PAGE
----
The Spiritual Walk
Some call it "spiritual formation," "discipleship," or "character transformation." Essentially it's God's work as He transforms our characters to reflect the image of Jesus. This occurs by getting to know God, appreciating Him and being willing to do His will.
"This is the way to have eternal life--to know You, the only true God, and Jesus Christ, the one You sent to earth. John 17:3 (NLT).
The Apostle Paul speaks of "walking in the Spirit." Our lives can be a "spiritual walk" only if we begin our days with God in conversation: Listening to His Word, responding to him in prayer, confession, praise and gratitude.
Developing a consistent devotional life requires a certain amount of self-discipline. Developing a habit is the easiest way to make it a regular part of our lives. So find a time and place that works for you. It might be early in the morning before breakfast or evenings just before bedtime. Once the habit is developed it becomes easier. Here are some suggestions that might help you find a method that is meaningful to you.
Reading Through the Bible
Reading the Bible through will give you an overview of God's dealings with mankind through the centuries. You will see the conflict between good and evil and how God has patiently been drawing us to Himself.
It is possible to read the Bible from beginning to end within one year by reading an average of 23 chapters a week. That would be just 3 chapters a day and a couple extra over the weekend. Many people begin with Genesis and work through to Revelation. If you get bogged down in the Old Testament, you might alternate between Old and New Testaments. There's no rule that says you need to read straight through the Bible.
If you would like a check sheet to check off chapters you have read, try one of the Bible reading checklists on the right. For variety you might like to use a fresh modern translation.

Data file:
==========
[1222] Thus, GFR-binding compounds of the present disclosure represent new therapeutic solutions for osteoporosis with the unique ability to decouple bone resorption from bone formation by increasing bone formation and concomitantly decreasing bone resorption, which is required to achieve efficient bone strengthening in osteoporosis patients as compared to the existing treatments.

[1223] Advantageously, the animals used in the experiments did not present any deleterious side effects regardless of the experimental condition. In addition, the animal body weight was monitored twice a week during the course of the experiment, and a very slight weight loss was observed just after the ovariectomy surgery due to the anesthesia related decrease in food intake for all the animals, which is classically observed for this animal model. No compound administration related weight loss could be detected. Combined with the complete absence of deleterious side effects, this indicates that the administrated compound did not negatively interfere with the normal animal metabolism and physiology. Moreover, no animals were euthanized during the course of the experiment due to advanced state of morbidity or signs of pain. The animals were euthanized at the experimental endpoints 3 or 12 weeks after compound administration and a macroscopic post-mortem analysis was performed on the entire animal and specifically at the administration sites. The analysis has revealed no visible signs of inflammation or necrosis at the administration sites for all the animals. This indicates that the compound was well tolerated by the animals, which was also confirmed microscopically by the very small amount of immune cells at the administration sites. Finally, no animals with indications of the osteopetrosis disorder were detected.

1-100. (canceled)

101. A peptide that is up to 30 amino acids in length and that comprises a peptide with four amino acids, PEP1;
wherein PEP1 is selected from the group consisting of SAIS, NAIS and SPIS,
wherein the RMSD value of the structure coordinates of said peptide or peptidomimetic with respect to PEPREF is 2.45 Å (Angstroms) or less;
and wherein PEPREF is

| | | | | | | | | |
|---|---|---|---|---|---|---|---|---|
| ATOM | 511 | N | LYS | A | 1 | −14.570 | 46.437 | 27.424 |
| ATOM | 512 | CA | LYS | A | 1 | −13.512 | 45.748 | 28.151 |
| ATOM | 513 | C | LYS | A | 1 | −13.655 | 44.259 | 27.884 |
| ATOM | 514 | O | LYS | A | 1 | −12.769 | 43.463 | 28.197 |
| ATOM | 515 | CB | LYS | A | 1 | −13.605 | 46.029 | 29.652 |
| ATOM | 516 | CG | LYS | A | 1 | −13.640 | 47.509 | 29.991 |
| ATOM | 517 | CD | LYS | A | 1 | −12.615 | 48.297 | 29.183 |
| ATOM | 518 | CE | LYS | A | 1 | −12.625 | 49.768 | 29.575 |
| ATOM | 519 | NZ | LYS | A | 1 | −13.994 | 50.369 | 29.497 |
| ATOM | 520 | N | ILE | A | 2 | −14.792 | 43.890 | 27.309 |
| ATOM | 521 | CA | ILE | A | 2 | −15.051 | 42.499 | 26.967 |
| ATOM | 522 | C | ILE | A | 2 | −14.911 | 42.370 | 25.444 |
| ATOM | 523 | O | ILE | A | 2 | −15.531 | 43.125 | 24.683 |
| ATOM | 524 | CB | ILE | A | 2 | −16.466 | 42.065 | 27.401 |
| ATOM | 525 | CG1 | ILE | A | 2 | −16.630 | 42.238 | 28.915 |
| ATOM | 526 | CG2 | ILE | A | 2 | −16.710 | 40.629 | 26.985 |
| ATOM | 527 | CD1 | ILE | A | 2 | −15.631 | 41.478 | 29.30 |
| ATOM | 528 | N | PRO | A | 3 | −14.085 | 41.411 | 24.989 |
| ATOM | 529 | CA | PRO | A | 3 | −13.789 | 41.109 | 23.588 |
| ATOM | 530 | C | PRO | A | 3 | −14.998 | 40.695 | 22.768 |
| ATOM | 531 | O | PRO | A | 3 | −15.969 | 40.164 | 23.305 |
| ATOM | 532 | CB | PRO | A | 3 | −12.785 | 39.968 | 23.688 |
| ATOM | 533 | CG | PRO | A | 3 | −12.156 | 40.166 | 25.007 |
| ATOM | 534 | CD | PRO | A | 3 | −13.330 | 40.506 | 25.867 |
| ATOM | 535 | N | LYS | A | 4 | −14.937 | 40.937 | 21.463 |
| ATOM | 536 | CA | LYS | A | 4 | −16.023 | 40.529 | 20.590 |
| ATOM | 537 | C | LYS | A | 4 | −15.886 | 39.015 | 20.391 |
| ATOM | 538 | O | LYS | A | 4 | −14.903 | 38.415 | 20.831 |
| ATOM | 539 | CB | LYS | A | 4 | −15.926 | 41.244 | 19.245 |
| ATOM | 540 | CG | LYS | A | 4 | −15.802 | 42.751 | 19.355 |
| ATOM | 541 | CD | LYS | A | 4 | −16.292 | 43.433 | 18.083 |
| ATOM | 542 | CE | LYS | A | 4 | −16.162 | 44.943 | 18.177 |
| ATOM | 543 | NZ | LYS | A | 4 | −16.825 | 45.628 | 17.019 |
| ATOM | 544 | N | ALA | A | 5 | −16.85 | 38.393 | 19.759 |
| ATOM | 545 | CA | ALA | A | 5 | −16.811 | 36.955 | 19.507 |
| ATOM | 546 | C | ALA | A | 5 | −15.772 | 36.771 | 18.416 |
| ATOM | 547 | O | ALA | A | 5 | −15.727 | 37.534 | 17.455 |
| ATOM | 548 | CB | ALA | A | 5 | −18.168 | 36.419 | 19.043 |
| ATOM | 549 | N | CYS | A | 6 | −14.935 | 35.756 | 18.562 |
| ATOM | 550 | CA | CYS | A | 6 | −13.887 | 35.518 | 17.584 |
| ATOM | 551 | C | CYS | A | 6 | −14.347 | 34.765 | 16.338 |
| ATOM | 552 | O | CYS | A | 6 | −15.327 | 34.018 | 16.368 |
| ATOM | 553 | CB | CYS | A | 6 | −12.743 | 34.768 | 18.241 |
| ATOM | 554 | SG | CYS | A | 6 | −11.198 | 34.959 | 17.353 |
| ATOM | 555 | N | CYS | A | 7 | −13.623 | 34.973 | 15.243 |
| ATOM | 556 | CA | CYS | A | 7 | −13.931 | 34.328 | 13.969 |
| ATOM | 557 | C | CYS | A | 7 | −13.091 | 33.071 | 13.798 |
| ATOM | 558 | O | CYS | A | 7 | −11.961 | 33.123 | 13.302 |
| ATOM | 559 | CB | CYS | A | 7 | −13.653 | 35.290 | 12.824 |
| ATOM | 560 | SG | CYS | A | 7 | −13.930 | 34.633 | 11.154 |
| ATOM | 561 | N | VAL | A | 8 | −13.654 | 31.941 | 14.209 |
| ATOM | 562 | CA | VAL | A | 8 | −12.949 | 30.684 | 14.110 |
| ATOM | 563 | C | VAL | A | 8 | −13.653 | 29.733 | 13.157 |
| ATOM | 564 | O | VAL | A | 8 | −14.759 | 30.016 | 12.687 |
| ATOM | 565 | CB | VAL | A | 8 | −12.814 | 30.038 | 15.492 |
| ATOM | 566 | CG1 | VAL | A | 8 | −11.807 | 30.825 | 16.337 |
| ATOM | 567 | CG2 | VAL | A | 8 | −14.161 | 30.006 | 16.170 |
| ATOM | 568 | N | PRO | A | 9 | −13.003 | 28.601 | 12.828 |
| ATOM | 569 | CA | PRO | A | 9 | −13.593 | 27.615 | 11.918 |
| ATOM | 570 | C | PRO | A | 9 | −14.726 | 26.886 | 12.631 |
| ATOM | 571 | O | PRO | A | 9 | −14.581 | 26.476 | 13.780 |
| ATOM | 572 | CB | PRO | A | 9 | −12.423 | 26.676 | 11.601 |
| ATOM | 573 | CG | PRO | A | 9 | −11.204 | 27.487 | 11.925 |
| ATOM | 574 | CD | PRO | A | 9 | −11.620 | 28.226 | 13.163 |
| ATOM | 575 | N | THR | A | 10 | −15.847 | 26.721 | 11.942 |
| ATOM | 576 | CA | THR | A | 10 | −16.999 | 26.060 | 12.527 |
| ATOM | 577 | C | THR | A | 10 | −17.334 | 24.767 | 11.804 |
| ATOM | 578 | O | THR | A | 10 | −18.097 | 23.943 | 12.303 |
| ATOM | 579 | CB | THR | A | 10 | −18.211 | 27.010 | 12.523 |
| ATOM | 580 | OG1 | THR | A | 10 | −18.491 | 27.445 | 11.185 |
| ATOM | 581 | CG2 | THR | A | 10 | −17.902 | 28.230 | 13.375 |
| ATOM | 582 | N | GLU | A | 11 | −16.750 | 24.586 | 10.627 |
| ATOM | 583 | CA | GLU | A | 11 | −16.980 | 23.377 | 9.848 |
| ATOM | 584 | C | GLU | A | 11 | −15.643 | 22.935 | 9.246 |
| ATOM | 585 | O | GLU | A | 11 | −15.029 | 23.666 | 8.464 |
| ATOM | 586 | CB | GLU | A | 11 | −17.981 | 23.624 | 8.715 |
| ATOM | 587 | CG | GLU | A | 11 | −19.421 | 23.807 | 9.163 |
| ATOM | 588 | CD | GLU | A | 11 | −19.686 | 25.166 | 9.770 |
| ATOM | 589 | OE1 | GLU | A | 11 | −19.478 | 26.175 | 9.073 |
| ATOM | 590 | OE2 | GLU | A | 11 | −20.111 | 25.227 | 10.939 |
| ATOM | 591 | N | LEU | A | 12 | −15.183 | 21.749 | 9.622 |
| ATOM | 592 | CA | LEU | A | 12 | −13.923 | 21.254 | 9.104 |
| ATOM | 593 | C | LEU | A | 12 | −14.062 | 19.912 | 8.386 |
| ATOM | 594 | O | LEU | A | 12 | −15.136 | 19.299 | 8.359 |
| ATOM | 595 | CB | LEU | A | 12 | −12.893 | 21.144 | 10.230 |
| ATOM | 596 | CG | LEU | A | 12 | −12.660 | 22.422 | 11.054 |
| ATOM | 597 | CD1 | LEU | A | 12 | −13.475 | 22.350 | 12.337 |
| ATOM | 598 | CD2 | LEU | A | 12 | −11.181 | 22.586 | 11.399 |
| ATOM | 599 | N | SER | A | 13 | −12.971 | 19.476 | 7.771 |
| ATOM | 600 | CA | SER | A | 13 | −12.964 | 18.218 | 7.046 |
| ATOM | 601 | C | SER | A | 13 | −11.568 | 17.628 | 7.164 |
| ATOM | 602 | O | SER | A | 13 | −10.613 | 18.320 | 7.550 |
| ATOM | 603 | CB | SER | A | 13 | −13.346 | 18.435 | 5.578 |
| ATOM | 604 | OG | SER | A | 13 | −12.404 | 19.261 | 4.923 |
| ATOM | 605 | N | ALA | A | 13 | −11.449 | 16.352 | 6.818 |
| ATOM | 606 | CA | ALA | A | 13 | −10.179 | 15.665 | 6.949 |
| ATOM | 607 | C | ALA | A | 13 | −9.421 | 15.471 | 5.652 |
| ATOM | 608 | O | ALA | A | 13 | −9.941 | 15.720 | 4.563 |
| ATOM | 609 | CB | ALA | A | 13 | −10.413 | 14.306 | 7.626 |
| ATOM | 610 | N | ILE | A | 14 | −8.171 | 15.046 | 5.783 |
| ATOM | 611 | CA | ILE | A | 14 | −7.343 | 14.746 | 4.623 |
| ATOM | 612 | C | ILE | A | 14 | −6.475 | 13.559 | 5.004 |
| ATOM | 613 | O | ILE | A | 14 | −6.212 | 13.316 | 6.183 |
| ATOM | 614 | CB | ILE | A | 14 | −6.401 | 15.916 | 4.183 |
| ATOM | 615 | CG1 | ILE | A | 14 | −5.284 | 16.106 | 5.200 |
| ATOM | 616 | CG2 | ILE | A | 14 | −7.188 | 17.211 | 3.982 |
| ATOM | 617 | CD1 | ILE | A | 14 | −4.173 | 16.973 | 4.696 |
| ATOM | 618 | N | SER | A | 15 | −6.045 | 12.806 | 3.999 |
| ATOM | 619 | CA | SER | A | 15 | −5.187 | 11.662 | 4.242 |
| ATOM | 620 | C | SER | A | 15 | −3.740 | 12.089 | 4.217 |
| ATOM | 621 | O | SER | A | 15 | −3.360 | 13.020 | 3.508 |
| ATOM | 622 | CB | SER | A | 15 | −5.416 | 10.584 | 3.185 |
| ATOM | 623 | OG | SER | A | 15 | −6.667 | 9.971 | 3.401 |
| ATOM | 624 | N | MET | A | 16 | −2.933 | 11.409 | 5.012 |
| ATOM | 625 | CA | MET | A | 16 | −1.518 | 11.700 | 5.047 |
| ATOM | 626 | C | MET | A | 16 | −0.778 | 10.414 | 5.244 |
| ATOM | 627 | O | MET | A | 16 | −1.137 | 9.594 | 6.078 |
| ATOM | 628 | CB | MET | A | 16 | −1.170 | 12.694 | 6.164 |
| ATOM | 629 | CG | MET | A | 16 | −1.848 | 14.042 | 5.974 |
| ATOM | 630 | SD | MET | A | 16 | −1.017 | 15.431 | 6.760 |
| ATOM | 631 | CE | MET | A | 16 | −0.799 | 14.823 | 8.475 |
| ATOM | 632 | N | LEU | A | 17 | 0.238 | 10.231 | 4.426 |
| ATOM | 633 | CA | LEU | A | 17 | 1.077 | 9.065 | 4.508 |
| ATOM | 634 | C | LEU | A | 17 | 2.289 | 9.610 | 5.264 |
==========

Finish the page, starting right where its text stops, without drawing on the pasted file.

The "Encounter" series on the right allows you get a view of the history of salvation by reading the Scripture along with one of the five books in the "Conflict of the Ages" series: Patriarchs and Prophets, Prophets and Kings, Desire of Ages, Acts of the Apostles and Great Controversy. Print front and back on a sheet (landscape), trim 1/4 inch from each edge and fold into 3 or 4 columns as is appropriate for that schedule.
You may find a benefit by trying one of these variations during your Bible reading:
- Underline passages that have special meaning for you while you are reading. Carefully choose a marker that will not bleed through the thin Bible paper. (Christian book stores have special pens and pencils for this purpose.)
- Keep a few 3X5 (or similar) cards to jot down your thoughts as God speaks to you through the Word. Note the passage in an upper corner, and then write out in a few words the ideas to describe the new understanding that comes to mind.
Devotional Bible Reading
Here our intent is not so much to get through the Bible as to just spend time with God. As you read prayerfully, always be asking, What might God want to say to be based on this passage? It might be an example to follow, an attitude to avoid, a reason to praise.
When you read a passage of Scripture, stop and listen. Let God speak to you. Respond to Him in a divine conversation.
Some people call it "Praying the Scriptures." The Psalms are the songs and prayers by the Bible. You may find they provide the words that express what you feel about life and about God. As you read, you may find yourself saying, That's the way I feel.
God has revealed Himself to us in the life, death and resurrection of Jesus Christ. The Gospels reveal the kind of person Jesus was (and therefore what God is like). The Gospels and Epistles of the New Testament provide fertile soil for growing into His likeness.